Students on campus over the holidays make their own traditions


Photo courtesy of Roger Boye

Students on campus made the most of the break in the spirit of togetherness, from attending NU events to spending time with friends.

Chiara Kim, Assistant Social Media Editor

While many students left campus for the break, community members staying at Northwestern fostered their own holiday spirit. Whether attending university events or building their own traditions, Northwestern students leveraged their resources to make the most of the break in the spirit of togetherness.

Since the early 2000s, Communications Residential College faculty chair and Medill Professor Emeritus Roger Boye has hosted a Thanksgiving dinner for CRC residents and former Medill Cherubs. 

After last year’s socially distanced, masked Thanksgiving in the CRC lounge, Boye said the tradition would return to its roots this year.

“I thought last year didn’t go too well,” Boye said. “I think (this year will) go a lot better, and it gives people a change of pace.”

The dinner returned to a common area in a downtown Evanston residential building with a view of Lake Michigan, which Boye said he reserved about six months ago. 

Communication sophomore Sophia Gambill attended the annual South Area Thanksgiving dinner hosted by Faculty-in-Residence Rifka Cook. Gambill said the event filled the Allison Hall lounge with over 30 people.

“Rifka had us fill out these little leaves that said what we were thankful for that went on a big tree,” Gambill said. “She also handed out these little stories about why you should be thankful for things in your life … and it was nice to get to talk to a lot of different people.”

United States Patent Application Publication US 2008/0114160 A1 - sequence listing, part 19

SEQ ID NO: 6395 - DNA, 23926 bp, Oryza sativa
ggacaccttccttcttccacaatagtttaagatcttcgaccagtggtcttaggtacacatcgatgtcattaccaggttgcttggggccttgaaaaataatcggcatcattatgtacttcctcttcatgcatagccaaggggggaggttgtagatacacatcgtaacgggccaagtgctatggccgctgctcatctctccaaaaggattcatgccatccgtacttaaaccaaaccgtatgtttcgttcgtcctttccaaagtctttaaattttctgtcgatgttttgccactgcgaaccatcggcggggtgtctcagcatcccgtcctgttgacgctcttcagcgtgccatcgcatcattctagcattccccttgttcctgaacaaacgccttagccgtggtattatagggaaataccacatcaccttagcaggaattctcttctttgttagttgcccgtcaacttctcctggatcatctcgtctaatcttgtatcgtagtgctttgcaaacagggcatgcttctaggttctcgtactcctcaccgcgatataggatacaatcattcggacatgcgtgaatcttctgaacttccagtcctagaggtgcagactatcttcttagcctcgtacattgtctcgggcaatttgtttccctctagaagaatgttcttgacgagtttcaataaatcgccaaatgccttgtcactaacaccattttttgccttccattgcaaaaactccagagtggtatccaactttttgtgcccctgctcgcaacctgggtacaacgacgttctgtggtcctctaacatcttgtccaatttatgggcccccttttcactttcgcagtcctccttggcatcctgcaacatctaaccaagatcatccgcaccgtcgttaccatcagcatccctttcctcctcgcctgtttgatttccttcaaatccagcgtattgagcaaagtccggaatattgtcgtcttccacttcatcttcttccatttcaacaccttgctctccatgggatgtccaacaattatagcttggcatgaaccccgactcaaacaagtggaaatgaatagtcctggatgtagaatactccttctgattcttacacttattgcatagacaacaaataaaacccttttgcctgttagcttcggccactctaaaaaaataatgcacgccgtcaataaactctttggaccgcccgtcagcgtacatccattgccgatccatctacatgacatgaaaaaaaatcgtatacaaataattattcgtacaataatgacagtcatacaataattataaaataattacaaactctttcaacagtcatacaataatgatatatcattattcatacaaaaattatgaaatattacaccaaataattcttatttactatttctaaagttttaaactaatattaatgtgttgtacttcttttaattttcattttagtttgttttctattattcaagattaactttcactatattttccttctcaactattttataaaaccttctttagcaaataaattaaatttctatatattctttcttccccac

Gambill stayed on campus last year as well and said she had a positive experience overall. She spent time with friends who stayed as well.

Weinberg sophomore Kelly Teitel worked at a local restaurant over the break and spent a lot of time with her roommate who lives in Chicago. 

Teitel said she didn’t spend much time on campus because there wasn’t much to do, especially with the dining halls operating on limited hours. Besides accidentally joining a turkey trot while going for a run on Thanksgiving, most of her activities were unrelated to Thanksgiving. 

“Since my roommate has a car, we went to a few different cafes and things like that,” Teitel said. “We went to a disco night, which was fun.”

Teitel wasn’t looking for activities on campus, but she said she might have been interested in a more formal Thanksgiving meal or potluck. 

Weinberg sophomore Toma Hirose, who doesn’t celebrate Thanksgiving, said he and his friends went to Joy Yee because nothing else was open that day. 

“Having at least some food would be nice on campus,” Hirose said. “It doesn’t have to be the entire dining hall being open – having packaged food or something… would be nice.”

Gambill said that things being closed made campus feel “desolate” at times – she said events to restore campus energy may have been beneficial. 

Over winter break, Residential Services is partnering with the Office of International Student and Scholar Services to offer programming like trips to the Christkindlmarket and Boxing Day shopping at Old Orchard. 

Boye said hosting Thanksgiving for students takes a lot of effort, such as dealing with catering. However, the gratitude he has received has made the tradition well worth the hassle for him. At one graduation, a mother thanked him for hosting her daughter during her freshman year. 

“She was talking about an event that happened three and a half years earlier and still remembered it,” Boye said. “So that kind of gave me the initiative to continue.”